I've created a new paragraph here, but I have no real answers. I'm disillusioned with church politics, the history of the Catholic church in abusing its power and meddling in politics, the meddling by the fundamentalist Christian right in politics, and what I see as emotional manipulation by other churches.

But can a passive church succeed? Most definitely not. We live in a world that places a premium on science, logic, and reason. If we cannot reason a concept, we discount it. This is something I struggled with during college, but sometimes you just have to accept the faith and just take that first step. Logically, it's a fallacy. Attempting to understand the church through the lens of science will ultimately fail, just like trying to understand science through the lens of religion fails (see "creationism"). This means the default behaviour of people will be to drift away the church - active preaching is required. But how do we actively preach with the Oprah-ization of our generation ("accept and be tolerant of everybody")? I am NOT a fan of door-to-door preaching, nor do I like the Pit Preacher... nor do I like people who always try to twist a conversation into a conversation about religion and faith.

I think it all goes back to role models. People are always looking for role models (this never changes), and people always try to emulate those they find the deepest respect for. I have various friends of both sexes, and I respect them all for different reasons - there is always one key characteristic that I find truly impressive about them. Because I respect them, I respec the lifestyle they live, and therefore it makes me far more receptive that I will try to actively become a person of better faith.

Of course, my concern is, as always, that the Christian lifestyle contrasts with success in this world. I've been granted the incredible gift of direction in life (for the next few years), and I've been fortunate enough to be in a position to pursue this (this is the one thing in my life I'm most proud of) direction. I feel that an active pursuit of the Christian lifestyle clashes with secular success. I think anybody that tells you otherwise is bullshitting. If you start a new enterprise ... that is a lifestyle in itself, whether it's a non-profit org, a busienss, or just a new club. This is again something I struggled with greatly during this past week - why was I put in a position to pursue these grand dreams and ideas when the church demands loyalty and a commitment to church? For many years, I've not gone to church while maintaining a lifestyle of faith (in my viewpoint, although others will disagree) simply because there is no room in my life for both. There still isn't.

Well I'm just rambling now. So I'll try to end this in a succint manner; I'm feeling pretty chatty right now, I could write pages and pages, but I'll sum everything up:

I'm feeling good. Not feeling a spiritual refreshment, but I think I've just accepted the reality that I will never get a logical or scientific answer to God. I'm still cynical towards the church and its dealings with certain situations, and I'm still confused as how I can make the Christian lifestyle and the lifestyle I want to fit together or even if they're reconcilable.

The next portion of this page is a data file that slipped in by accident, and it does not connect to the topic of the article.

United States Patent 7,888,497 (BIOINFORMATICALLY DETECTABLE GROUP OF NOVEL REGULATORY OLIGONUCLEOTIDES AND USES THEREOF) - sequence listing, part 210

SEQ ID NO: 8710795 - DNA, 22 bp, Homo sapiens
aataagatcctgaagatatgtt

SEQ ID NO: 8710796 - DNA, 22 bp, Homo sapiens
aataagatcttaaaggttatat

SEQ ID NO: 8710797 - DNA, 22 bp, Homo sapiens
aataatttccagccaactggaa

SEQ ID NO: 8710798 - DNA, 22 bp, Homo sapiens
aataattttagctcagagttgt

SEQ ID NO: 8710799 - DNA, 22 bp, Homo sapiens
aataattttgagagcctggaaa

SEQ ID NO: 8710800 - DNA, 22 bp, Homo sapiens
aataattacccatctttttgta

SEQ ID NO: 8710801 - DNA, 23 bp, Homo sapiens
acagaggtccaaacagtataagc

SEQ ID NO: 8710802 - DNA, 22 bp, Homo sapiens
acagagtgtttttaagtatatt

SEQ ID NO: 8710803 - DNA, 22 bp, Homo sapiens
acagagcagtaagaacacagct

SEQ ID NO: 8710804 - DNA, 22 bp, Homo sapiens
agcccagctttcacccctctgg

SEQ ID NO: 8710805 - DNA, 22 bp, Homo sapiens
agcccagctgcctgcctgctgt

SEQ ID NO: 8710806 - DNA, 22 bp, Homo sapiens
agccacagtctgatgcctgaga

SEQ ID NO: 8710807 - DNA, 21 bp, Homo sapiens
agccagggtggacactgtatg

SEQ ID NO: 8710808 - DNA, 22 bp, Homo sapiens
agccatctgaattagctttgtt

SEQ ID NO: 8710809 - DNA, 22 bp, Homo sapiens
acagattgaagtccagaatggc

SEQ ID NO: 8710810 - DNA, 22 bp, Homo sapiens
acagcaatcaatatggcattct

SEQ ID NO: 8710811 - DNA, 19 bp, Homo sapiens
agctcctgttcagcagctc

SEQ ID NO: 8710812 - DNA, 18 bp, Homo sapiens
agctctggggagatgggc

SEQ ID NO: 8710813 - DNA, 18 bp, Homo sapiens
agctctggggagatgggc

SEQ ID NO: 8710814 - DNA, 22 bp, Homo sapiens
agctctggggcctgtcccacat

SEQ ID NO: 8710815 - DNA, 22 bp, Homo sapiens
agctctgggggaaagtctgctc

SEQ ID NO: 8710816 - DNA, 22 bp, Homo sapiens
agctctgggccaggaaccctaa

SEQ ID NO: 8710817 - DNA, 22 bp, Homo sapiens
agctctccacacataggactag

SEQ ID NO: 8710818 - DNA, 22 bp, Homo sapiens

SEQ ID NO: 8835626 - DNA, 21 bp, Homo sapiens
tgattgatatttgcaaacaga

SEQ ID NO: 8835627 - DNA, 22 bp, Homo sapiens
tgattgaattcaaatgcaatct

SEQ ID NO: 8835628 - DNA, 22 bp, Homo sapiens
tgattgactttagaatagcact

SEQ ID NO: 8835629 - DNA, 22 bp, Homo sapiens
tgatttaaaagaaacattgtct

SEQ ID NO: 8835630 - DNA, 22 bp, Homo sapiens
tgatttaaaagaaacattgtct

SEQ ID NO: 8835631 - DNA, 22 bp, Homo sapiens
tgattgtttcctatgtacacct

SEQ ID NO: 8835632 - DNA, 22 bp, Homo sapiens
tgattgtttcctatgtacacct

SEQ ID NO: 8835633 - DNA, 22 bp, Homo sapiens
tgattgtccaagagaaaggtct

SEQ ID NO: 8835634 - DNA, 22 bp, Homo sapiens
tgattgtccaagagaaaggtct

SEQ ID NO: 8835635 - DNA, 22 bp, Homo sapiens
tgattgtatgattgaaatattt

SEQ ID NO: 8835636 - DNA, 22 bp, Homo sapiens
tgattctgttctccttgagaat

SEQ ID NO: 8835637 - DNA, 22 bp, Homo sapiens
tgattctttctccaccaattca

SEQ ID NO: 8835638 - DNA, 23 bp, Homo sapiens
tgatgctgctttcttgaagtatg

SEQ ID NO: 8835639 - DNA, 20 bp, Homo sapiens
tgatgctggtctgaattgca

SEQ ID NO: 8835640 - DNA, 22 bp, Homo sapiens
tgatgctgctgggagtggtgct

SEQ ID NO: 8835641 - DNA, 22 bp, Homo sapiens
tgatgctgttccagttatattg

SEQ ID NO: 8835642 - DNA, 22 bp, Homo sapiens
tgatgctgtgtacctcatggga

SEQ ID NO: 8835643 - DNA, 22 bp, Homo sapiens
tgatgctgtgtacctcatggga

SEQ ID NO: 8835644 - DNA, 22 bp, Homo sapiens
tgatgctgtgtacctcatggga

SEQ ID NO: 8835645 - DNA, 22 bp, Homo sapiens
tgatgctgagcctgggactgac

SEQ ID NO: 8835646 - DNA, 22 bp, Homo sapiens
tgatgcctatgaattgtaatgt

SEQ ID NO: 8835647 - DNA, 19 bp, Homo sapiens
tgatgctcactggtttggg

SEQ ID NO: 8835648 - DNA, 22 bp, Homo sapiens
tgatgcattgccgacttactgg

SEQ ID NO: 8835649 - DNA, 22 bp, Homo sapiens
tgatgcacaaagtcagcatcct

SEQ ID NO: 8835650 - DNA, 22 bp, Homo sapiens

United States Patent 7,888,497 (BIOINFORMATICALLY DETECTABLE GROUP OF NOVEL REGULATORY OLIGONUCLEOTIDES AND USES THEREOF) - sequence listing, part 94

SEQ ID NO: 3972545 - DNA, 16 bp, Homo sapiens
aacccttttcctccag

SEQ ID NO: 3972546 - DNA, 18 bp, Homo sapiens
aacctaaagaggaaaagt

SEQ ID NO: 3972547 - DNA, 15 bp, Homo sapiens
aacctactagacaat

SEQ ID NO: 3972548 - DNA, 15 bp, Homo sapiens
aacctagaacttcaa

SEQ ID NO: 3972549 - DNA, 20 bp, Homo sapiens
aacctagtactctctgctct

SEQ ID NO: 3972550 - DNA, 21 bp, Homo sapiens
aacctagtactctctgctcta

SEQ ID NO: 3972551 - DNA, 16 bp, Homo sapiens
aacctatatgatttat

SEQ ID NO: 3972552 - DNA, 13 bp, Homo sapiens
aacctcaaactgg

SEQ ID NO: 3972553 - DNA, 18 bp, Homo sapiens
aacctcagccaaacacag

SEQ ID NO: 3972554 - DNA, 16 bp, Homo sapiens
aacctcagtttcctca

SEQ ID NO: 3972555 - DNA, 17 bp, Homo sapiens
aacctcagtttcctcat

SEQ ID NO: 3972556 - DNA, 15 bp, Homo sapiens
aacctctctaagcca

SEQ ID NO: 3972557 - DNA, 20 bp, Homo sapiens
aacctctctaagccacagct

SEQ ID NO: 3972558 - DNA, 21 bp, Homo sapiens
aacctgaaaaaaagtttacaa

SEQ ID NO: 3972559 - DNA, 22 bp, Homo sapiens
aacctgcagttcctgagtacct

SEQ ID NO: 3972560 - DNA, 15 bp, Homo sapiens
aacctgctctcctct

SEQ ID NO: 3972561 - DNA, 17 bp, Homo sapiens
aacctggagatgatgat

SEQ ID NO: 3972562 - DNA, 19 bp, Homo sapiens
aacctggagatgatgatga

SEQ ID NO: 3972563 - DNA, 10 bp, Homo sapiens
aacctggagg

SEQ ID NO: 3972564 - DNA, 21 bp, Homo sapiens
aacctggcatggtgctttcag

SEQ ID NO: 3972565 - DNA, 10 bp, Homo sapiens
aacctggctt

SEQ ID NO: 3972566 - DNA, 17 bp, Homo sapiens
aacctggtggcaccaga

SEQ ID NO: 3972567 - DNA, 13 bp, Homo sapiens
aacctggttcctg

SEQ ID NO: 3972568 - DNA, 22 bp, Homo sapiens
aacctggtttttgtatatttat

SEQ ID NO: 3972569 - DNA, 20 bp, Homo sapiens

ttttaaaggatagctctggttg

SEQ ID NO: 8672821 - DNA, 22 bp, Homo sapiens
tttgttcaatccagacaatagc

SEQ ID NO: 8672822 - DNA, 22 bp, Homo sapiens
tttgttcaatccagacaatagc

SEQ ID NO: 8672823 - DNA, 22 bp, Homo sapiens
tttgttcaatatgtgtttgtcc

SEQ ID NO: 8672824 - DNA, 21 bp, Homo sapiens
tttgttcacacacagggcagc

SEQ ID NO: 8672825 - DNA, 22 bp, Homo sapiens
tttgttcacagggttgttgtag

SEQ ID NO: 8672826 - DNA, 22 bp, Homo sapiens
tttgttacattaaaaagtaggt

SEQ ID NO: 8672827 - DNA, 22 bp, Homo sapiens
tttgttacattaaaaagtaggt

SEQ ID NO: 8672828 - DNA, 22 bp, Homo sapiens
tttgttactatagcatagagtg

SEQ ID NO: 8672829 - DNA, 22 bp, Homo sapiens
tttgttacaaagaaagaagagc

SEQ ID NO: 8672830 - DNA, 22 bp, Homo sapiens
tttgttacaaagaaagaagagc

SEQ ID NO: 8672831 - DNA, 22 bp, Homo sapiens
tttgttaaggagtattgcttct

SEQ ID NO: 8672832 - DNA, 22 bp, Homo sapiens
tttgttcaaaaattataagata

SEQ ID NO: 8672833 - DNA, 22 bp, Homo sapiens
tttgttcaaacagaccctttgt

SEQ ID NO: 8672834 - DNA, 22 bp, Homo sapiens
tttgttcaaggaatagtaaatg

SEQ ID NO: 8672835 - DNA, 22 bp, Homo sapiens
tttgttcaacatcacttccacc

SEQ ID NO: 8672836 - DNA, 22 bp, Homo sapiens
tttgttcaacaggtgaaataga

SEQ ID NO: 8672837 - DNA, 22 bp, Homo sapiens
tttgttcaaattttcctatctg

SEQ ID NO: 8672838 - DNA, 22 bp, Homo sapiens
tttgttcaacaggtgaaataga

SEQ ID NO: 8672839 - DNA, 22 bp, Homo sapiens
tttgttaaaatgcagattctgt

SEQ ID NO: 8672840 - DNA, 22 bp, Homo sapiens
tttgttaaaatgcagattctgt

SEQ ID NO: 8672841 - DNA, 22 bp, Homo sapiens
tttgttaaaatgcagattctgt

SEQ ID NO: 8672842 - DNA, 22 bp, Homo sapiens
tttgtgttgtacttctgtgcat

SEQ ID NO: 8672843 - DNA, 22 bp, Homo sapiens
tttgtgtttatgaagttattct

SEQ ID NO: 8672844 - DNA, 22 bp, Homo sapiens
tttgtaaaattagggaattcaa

Some short statements of other thoughts I'm too tired to write out: Nobody is smarter than anybody else. Everything is a game. Why do we get more guarded with everything as life goes on? Girls' farts smell like cinnamon buns.

Posted by roy on September 25, 2005 at 01:45 PM in Personal | 4 Comments

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Comment posted on September 26th, 2005 at 05:18 PM
not only girls' fart smell like cinnamon buns, sir. mine too smell delicious!
Comment posted on September 26th, 2005 at 04:50 PM
If the lifestyle you want isn't what God wants, then just drop it.
Comment posted on September 26th, 2005 at 01:16 PM
I feel somewhat the same as mingtian. I was raised Catholic so when I decided to seek out God and try to reconnect with Him, I naturally went to a Catholic church, where I was comfortable. I still go there, but only because it provides a quiet place to meditate and feel closer to God. But I really believe that we don't need buildings or institutions to be good Christians. Just believe that Jesus died for us so we can be ok with God again, and then be the best person you can, even while earning millions of dollars (hopefully). Just treat your fellow human beings with respect. I've never thought raising your arms and shouting that out in public made it any more real -- in fact, I always felt that detracted from the sincerity of it. Just my thoughts. I enjoyed your post.
Comment posted on September 26th, 2005 at 09:44 AM
My farts sure as hell do not smell like cinnamon buns, but if that's your fantasy. So be it. XD

As far as your question goes, "I'm still confused as how I can make the Christian lifestyle and the lifestyle I want to fit together or even if they're reconcilable." just be a good person and stop worrying about being a good christian. The concept of christianity makes me feel inauthentic. There's no set way to love God, so I say screw it.